Prototyping Cartel – A city building, combat & traitor game

First of all, I’m looking for playtesters! The Print and Play component is being tidied up at the moment, but if you’re at all interested, please get me on my twitter, leave a comment here, or email me at twoplusgames at gmail dot com!

After a couple of playtests, some major tweaks and overhauls, I’m happy to show you my latest card game design – Cartel V3.0! 😀

Cartel is a two to four (tentatively) player game where you play the head of a corporation in a Cartel. On the surface, you’re building a metropolis of thriving commerce, but in the shadows, you vie for dominance against other Cartel lords by racketeering for territories with your hired muscle and manipulating the City by pocketing shady officials… But careful, rely on corruption too much, and everyone may be snitched out by a traitorous member of the Cartel!

Isometric stacking buildings with cards!

The design of this game began with the idea of cards that make isometric, stackable buildings. This idea lent itself to a game of territorial control – and as I’m the BIGGEST Netrunner fan in the world, it had started as a game called Corporate War – the name of a Netrunner card. (How’s that for a piece of pointless trivia :P) I’m not going into the history of this game much more than this 😛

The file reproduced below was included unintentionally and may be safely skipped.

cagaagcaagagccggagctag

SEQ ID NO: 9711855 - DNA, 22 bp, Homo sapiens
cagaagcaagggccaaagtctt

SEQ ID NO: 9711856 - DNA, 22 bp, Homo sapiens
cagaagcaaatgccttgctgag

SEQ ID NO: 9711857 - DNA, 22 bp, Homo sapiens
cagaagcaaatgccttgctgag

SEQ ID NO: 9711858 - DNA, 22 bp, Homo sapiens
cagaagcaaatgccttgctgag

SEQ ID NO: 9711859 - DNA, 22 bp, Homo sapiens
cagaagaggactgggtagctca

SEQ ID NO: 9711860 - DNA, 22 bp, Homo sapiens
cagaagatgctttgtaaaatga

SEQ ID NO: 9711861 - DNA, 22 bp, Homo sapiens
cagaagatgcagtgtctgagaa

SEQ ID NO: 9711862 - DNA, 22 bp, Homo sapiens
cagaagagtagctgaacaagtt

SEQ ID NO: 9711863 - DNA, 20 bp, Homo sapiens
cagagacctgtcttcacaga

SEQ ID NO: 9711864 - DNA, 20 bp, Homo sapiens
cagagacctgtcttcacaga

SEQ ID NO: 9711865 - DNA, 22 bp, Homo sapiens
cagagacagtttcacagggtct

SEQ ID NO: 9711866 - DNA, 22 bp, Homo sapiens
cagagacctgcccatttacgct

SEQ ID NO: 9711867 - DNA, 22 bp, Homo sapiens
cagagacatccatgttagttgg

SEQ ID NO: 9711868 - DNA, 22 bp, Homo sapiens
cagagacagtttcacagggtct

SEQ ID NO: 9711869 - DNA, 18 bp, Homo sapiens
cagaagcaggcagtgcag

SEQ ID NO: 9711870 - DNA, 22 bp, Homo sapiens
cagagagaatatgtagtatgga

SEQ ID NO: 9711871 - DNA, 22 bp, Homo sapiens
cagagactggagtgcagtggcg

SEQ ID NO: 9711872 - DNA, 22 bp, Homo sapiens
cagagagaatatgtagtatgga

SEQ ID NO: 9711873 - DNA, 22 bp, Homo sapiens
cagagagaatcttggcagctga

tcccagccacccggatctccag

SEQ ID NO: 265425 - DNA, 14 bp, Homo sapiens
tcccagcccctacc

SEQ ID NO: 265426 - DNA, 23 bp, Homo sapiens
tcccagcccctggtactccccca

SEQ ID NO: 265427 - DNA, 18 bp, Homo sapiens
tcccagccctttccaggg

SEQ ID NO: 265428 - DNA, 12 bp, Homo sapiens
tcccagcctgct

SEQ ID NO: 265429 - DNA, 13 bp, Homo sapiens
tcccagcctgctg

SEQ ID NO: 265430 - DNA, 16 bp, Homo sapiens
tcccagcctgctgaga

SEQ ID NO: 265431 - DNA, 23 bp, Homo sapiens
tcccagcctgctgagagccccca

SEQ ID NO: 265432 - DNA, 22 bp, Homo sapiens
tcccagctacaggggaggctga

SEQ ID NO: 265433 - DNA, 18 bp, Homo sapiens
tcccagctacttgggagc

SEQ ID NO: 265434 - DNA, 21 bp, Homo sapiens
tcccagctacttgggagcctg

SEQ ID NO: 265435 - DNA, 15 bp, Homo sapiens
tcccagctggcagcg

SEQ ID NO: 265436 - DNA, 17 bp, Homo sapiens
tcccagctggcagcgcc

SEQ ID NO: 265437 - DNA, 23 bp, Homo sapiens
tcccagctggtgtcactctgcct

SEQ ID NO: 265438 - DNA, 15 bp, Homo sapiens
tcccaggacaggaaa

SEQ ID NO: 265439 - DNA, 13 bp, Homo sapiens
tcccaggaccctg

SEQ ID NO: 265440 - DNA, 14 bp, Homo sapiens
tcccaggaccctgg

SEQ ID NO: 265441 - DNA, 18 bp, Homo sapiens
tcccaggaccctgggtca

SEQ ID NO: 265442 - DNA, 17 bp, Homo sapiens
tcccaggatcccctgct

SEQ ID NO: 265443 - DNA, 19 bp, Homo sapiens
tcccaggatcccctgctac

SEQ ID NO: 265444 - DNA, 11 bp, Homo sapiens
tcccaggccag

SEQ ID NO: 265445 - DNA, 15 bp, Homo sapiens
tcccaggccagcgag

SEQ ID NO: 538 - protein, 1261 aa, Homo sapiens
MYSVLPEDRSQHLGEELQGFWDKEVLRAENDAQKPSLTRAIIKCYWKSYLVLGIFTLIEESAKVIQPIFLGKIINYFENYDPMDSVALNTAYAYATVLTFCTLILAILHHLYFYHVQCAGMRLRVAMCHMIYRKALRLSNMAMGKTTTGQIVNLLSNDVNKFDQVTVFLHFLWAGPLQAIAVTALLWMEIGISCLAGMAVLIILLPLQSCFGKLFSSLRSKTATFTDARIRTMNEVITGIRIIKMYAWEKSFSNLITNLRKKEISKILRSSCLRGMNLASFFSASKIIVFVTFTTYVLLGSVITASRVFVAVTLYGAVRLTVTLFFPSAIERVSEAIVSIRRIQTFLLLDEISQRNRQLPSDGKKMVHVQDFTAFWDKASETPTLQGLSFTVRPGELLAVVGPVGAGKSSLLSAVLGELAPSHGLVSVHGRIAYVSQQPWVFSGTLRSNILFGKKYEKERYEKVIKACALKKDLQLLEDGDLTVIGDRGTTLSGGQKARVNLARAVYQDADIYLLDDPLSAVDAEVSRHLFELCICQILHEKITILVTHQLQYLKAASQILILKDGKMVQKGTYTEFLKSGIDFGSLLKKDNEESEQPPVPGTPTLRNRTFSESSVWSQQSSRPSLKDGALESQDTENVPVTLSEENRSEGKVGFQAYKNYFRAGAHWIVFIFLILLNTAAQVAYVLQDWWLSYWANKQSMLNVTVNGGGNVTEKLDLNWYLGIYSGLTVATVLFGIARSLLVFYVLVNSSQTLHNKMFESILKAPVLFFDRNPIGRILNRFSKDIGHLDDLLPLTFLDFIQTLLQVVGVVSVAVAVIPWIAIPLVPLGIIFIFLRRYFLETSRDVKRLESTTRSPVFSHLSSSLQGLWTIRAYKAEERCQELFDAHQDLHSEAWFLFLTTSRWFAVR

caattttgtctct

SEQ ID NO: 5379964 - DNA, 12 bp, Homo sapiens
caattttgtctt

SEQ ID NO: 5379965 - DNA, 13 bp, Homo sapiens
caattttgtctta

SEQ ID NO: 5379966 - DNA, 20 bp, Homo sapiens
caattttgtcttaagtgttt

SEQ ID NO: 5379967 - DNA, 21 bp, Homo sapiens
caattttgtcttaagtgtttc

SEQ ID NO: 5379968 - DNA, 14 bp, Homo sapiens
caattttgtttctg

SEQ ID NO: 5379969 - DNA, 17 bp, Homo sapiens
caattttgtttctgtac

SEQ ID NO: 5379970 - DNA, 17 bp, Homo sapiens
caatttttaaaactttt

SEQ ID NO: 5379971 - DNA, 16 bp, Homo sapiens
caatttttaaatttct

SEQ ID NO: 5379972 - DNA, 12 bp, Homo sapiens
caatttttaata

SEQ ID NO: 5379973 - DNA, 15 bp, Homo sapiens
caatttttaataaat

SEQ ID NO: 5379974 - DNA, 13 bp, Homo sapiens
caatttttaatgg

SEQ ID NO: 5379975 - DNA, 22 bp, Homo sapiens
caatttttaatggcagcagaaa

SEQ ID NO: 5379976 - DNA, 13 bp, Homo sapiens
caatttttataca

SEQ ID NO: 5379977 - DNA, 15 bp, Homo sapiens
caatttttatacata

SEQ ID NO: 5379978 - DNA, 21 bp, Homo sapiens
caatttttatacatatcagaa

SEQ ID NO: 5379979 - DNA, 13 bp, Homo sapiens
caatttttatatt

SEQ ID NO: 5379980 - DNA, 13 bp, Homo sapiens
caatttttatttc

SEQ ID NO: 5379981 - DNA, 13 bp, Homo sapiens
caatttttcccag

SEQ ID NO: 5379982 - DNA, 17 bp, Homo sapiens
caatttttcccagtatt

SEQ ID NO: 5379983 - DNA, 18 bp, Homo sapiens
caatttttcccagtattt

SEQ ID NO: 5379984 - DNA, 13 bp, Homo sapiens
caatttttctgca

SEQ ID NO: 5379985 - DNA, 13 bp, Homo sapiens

Isometric stackable buildings with cards!

At the heart of Cartel are these buildings, or floors, or businesses, which give you points when they’re A) controlled by your thugs, AND B) placed correctly. There are four types of businesses in the game, each only generating benefits when placed in their preferred spot:

  • A – Anniewares General Stores are worth one point anywhere in the city. They are unrestricted in placement because Seven Elevens don’t care where they are.

  • T – TopTech Technologies are worth three points when they remain at the top of a building at the end of the game, because tech giants need a view.

  • G – Groundhog Coffees are worth two points when they’re on the ground floor, because I’ve never seen a Starbucks on the second storey.

  • D – DoubleDown Casinos are worth three points when they’re connected to another Double Down, because casinos need to be big.

The businesses are set up in the City, and each cartel boss vie for control with…

The Muscle

The thugs are what keeps what’s yours yours, and helps you move into what’s not yours. As you build businesses in the City, you gain more members in your gang, which you use to move around the board and control buildings. Conflict may resolve in the removal of opposing thugs if you manoeuvre a superior number into the right place!

Thugs are also one of the ways that the game may end – when any player reaches 10 thugs in their gang, the game ends because one of the gangs has reached super notoriety, and scoring commences.

The Muscle vs The Muscle

No honour among thieves